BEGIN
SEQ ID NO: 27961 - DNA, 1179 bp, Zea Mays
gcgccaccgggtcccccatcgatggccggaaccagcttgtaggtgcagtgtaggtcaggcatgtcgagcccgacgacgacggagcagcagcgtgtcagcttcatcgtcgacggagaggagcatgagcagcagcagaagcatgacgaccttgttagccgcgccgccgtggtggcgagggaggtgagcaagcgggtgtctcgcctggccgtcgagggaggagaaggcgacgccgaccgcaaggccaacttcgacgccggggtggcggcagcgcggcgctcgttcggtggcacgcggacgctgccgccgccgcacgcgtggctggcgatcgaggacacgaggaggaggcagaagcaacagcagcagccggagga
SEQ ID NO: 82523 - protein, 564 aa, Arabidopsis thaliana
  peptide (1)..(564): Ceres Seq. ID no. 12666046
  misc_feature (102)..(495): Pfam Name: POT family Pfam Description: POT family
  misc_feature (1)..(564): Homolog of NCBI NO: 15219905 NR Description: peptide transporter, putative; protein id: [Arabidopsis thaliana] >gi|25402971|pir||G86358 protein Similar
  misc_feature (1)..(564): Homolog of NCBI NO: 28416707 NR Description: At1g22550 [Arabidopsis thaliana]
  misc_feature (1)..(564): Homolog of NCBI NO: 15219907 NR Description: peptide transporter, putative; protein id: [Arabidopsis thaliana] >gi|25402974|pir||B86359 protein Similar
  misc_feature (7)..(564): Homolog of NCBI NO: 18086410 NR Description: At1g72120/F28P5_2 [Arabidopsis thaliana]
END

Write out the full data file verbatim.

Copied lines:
SEQ ID NO: 27961 - DNA, 1179 bp, Zea Mays
gcgccaccgggtcccccatcgatggccggaaccagcttgtaggtgcagtgtaggtcaggcatgtcgagcccgacgacgacggagcagcagcgtgtcagcttcatcgtcgacggagaggagcatgagcagcagcagaagcatgacgaccttgttagccgcgccgccgtggtggcgagggaggtgagcaagcgggtgtctcgcctggccgtcgagggaggagaaggcgacgccgaccgcaaggccaacttcgacgccggggtggcggcagcgcggcgctcgttcggtggcacgcggacgctgccgccgccgcacgcgtggctggcgatcgaggacacgaggaggaggcagaagcaacagcagcagccggagga
SEQ ID NO: 82523 - protein, 564 aa, Arabidopsis thaliana
  peptide (1)..(564): Ceres Seq. ID no. 12666046
  misc_feature (102)..(495): Pfam Name: POT family Pfam Description: POT family
  misc_feature (1)..(564): Homolog of NCBI NO: 15219905 NR Description: peptide transporter, putative; protein id: [Arabidopsis thaliana] >gi|25402971|pir||G86358 protein Similar
  misc_feature (1)..(564): Homolog of NCBI NO: 28416707 NR Description: At1g22550 [Arabidopsis thaliana]
  misc_feature (1)..(564): Homolog of NCBI NO: 15219907 NR Description: peptide transporter, putative; protein id: [Arabidopsis thaliana] >gi|25402974|pir||B86359 protein Similar
  misc_feature (7)..(564): Homolog of NCBI NO: 18086410 NR Description: At1g72120/F28P5_2 [Arabidopsis thaliana]